The next day, we got on a train out to Berkhamstead to visit the hubby's uncle. I didn't take many photos that day since I'd had a sleepless night, but I did take a few photos at Euston Station. I like train stations, even though they are a bit of a mad rush to get through most of the time:


I also loved how the WH Smith in the station had two rows of magazine racks totally devoted to train magazines:


London was a blur for us. We only really had two days to spend there, and on reflection, I think we'll try to stay a bit longer next time. Even though we both lived there for a good chunk of time, there is still loads to see. That plan is sort of brewing in the background right now.

The next day, we went to King's Cross to catch a train to go to Edinburgh:


I'm not a huge Harry Potter fan, but that didn't stop me from taking photos of other people taking photos at Platform 9 3/4. I wonder if the train station managers were truly prepared for that JK Rowling was going to do for them. They appear to have made the most of it after all:


The hubby made a very good decision to book the First Class tickets since they were not that much more than the regular tickets. This might be the only time I travel First Class anywhere, and so I made sure I made the most of it. I'm not ashamed to say that I filled my bag up with as many shortbread cookies and packets of crisps as I could out of the First Class lounge. And then, once we boarded the train, I sat in my lovely comfy seat and perused the menu for my lunch:



Once we got going, we sat back and enjoyed the views whilst the staff wheeled up and down the aisles with drinks and snacks. Tea? Sure. Shortbread? Of course. Muffin? If I must.



This really is a civilized way to travel. We had the option to take a flight to Edinburgh, which would have been shorter in theory, but a five-hour train journey far outweighs the hassle, the poking and prodding at security and the sitting around waiting in the airport that makes me want to climb the walls. And it probably would have taken just as long anyway.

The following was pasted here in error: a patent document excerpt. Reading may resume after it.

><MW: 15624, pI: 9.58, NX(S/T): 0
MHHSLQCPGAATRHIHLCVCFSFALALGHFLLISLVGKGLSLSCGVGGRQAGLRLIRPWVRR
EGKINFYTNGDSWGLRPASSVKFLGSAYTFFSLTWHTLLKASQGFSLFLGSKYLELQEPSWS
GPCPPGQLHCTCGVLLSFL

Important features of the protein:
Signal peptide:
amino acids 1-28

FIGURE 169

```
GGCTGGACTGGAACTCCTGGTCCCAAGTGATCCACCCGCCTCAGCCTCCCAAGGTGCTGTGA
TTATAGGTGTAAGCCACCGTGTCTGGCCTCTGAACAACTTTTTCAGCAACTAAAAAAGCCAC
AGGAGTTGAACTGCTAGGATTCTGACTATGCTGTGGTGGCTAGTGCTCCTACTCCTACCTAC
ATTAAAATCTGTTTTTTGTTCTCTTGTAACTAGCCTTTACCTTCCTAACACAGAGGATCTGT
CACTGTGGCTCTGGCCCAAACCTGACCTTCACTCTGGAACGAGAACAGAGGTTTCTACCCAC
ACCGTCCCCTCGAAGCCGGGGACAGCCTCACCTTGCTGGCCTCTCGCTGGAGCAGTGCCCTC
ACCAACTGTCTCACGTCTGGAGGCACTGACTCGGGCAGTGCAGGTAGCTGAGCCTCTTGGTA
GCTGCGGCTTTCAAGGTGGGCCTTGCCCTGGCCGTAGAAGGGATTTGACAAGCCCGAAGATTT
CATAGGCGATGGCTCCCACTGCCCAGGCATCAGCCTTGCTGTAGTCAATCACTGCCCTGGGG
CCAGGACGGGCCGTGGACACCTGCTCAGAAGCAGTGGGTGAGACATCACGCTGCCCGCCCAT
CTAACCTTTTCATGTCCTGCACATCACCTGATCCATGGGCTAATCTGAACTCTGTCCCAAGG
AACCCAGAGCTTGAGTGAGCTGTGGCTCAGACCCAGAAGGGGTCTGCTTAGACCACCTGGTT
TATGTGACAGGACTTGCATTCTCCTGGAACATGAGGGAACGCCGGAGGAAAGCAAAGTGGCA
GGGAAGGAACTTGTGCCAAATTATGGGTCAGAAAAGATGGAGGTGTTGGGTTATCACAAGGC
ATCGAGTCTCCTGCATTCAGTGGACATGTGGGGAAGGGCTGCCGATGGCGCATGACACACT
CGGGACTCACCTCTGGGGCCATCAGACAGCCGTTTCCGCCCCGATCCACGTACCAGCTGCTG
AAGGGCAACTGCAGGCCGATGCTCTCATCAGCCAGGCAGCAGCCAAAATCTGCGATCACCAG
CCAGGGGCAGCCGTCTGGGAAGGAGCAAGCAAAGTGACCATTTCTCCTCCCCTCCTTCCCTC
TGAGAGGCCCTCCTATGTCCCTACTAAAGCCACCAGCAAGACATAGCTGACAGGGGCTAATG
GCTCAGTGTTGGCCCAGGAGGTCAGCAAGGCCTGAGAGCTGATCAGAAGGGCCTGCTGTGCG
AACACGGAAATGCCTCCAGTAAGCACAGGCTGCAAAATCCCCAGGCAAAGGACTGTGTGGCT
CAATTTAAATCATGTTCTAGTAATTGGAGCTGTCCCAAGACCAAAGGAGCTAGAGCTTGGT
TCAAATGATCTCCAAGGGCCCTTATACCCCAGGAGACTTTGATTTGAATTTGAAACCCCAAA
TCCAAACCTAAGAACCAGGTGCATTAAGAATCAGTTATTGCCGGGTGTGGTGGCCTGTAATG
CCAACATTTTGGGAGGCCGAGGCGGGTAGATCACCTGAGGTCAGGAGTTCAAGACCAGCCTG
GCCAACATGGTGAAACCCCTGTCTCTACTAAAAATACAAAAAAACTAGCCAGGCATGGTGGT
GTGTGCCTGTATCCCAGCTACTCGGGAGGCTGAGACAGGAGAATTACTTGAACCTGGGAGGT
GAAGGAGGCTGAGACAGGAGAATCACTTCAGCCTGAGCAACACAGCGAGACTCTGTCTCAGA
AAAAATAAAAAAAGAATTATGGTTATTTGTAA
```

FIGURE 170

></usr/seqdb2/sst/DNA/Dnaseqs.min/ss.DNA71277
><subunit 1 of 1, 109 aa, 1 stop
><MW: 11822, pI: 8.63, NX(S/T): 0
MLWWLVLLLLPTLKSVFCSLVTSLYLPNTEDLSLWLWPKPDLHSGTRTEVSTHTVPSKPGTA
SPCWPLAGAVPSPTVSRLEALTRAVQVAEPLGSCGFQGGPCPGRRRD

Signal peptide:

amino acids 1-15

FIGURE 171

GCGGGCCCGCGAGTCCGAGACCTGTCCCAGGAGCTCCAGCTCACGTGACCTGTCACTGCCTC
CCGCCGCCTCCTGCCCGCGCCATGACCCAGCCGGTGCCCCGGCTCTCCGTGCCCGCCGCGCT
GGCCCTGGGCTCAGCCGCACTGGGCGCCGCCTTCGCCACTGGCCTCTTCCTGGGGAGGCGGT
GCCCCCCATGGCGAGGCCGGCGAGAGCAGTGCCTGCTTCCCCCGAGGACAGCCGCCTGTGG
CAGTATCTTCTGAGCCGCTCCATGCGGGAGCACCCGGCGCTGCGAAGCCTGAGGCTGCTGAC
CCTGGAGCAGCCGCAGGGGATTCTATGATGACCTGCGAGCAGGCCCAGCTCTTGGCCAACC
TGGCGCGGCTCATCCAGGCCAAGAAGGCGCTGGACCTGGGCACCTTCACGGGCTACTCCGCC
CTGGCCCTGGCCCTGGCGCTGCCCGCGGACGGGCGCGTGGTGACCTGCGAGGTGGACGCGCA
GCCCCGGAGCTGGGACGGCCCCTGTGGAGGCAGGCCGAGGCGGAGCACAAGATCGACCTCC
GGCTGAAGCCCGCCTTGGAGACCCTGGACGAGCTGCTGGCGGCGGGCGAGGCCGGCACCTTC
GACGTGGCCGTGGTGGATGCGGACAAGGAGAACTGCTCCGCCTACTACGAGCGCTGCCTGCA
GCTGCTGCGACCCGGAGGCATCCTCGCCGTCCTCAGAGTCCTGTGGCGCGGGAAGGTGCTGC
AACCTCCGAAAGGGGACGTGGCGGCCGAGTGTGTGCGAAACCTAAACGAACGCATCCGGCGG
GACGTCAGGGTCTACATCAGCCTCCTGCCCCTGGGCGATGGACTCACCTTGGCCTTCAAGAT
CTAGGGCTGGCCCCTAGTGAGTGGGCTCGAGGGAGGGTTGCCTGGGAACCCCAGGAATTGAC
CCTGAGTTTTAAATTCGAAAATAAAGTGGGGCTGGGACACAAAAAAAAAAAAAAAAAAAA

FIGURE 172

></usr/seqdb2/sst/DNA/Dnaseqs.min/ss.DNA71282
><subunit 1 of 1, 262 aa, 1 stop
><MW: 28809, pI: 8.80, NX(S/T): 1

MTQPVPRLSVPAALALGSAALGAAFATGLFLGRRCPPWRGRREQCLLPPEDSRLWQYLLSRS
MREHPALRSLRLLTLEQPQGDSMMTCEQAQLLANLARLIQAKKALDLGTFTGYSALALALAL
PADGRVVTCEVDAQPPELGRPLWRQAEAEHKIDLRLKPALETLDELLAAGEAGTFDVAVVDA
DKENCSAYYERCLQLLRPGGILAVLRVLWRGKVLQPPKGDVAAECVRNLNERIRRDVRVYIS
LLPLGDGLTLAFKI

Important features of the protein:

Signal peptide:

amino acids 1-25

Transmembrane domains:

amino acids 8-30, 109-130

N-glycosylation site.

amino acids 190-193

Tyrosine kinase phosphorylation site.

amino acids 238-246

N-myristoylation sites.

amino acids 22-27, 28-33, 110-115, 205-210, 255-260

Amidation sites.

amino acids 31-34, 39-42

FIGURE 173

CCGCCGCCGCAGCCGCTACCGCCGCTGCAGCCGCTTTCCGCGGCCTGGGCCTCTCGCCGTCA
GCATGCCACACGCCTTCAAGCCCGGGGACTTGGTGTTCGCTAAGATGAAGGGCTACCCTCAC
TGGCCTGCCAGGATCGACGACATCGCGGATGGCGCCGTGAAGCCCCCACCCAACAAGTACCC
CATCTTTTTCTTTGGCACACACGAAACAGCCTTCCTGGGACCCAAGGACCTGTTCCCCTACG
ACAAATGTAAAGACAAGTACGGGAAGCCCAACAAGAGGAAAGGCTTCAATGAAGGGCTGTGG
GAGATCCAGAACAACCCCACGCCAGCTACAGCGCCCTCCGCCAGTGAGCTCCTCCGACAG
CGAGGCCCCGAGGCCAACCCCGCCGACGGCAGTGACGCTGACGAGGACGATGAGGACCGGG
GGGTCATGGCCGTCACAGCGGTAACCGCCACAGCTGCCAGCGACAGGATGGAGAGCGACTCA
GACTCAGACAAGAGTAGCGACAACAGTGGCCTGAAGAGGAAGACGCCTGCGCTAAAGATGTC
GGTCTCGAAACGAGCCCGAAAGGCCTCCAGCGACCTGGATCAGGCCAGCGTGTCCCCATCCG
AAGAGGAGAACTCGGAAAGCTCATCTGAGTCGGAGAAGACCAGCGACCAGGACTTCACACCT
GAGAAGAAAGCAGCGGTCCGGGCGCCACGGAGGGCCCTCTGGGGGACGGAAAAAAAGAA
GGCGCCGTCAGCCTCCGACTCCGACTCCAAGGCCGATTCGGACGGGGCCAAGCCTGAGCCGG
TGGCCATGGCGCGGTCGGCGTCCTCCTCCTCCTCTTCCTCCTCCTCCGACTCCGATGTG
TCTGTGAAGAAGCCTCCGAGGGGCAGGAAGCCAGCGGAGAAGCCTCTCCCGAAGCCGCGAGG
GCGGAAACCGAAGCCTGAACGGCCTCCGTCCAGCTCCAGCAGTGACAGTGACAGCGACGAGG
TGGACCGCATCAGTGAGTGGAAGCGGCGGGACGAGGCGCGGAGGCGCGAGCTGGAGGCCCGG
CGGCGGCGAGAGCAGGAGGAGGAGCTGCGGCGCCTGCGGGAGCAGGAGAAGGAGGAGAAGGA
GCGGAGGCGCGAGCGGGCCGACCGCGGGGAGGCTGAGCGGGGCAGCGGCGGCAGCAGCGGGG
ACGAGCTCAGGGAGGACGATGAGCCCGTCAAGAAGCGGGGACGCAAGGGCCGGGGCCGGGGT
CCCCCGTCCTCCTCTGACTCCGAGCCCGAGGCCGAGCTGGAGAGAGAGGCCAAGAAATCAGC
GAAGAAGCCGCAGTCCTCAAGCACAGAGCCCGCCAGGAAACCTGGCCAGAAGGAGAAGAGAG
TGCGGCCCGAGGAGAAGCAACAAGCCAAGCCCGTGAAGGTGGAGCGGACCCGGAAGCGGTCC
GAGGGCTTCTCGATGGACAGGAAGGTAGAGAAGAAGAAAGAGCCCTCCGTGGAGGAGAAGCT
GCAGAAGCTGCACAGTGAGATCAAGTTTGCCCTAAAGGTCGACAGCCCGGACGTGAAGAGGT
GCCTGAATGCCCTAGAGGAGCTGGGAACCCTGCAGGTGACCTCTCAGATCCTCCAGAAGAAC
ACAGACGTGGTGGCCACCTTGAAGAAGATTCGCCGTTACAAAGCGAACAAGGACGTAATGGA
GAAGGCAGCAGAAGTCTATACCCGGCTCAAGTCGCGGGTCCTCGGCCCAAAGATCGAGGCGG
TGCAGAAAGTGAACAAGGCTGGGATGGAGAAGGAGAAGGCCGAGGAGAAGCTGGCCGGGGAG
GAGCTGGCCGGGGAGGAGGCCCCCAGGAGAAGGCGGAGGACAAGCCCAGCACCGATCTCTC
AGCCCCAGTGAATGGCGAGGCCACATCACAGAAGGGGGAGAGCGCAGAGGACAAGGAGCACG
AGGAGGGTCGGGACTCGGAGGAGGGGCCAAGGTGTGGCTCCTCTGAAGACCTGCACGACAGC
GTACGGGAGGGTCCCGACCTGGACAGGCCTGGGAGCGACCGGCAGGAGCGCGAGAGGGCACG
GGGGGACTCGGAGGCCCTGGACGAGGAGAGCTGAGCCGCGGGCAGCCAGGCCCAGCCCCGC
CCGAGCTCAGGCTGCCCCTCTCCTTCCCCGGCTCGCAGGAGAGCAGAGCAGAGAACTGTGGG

Meanwhile, I worked on a bit of knitting on the way. I've learned that I don't knit nearly as much as I think I will when I'm over here, so I just packed a few small balls to play around with in my spare moments. I was truly impressed with my yarn packing job. It's probably the neatest section of packing within all of my luggage:


I pulled out a ball of leftover purple alpaca with the idea that I might make a hat out of it, but I am woefully short of yarn for that. I thought I might just make it into a headband, except that 1) I never wear headbands and 2) yeah, I NEVER wear headbands. So it's on pause for the moment until I can figure out what to do with it. Meanwhile, I've pulled out a small ball of fingering weight yarn which I plan to plan to do an experiment in brioche with it. Since I finished my last project, I have a small obsession with brioche which I need to get out of my system. So far, the cast on is killing me, so this may not last:


In an effort to keep this post from going too long, I'll post some more stuff later this week. Suffice to say, it's been a busy but interesting trip so far. And don't worry: there's more yarn stuff coming up. I'm off for a cup of tea and some Hobnobs. More tomorrow!

2 comments:

Su said...

First class train travel is very civilized, but can be wonderfully affordable. Sometimes it's actually cheaper to buy a first class ticket! No, I don't know how that works either, but if it's an option I'm definitely going to take it. It 's usually possible to upgrade once on the train too, it only costs about £10 and is definitely worth it, especially if the train is busy.

AdrieneJ said...

That's really good information! We got the first class tickets at a decent price as we found that they were much cheaper if we booked them a few weeks in advance... any earlier and it was much more expensive and any late we'd also be paying more than double the price. Perhaps we'll try upgrading our tickets on a shorter journey sometime. Thanks for the info!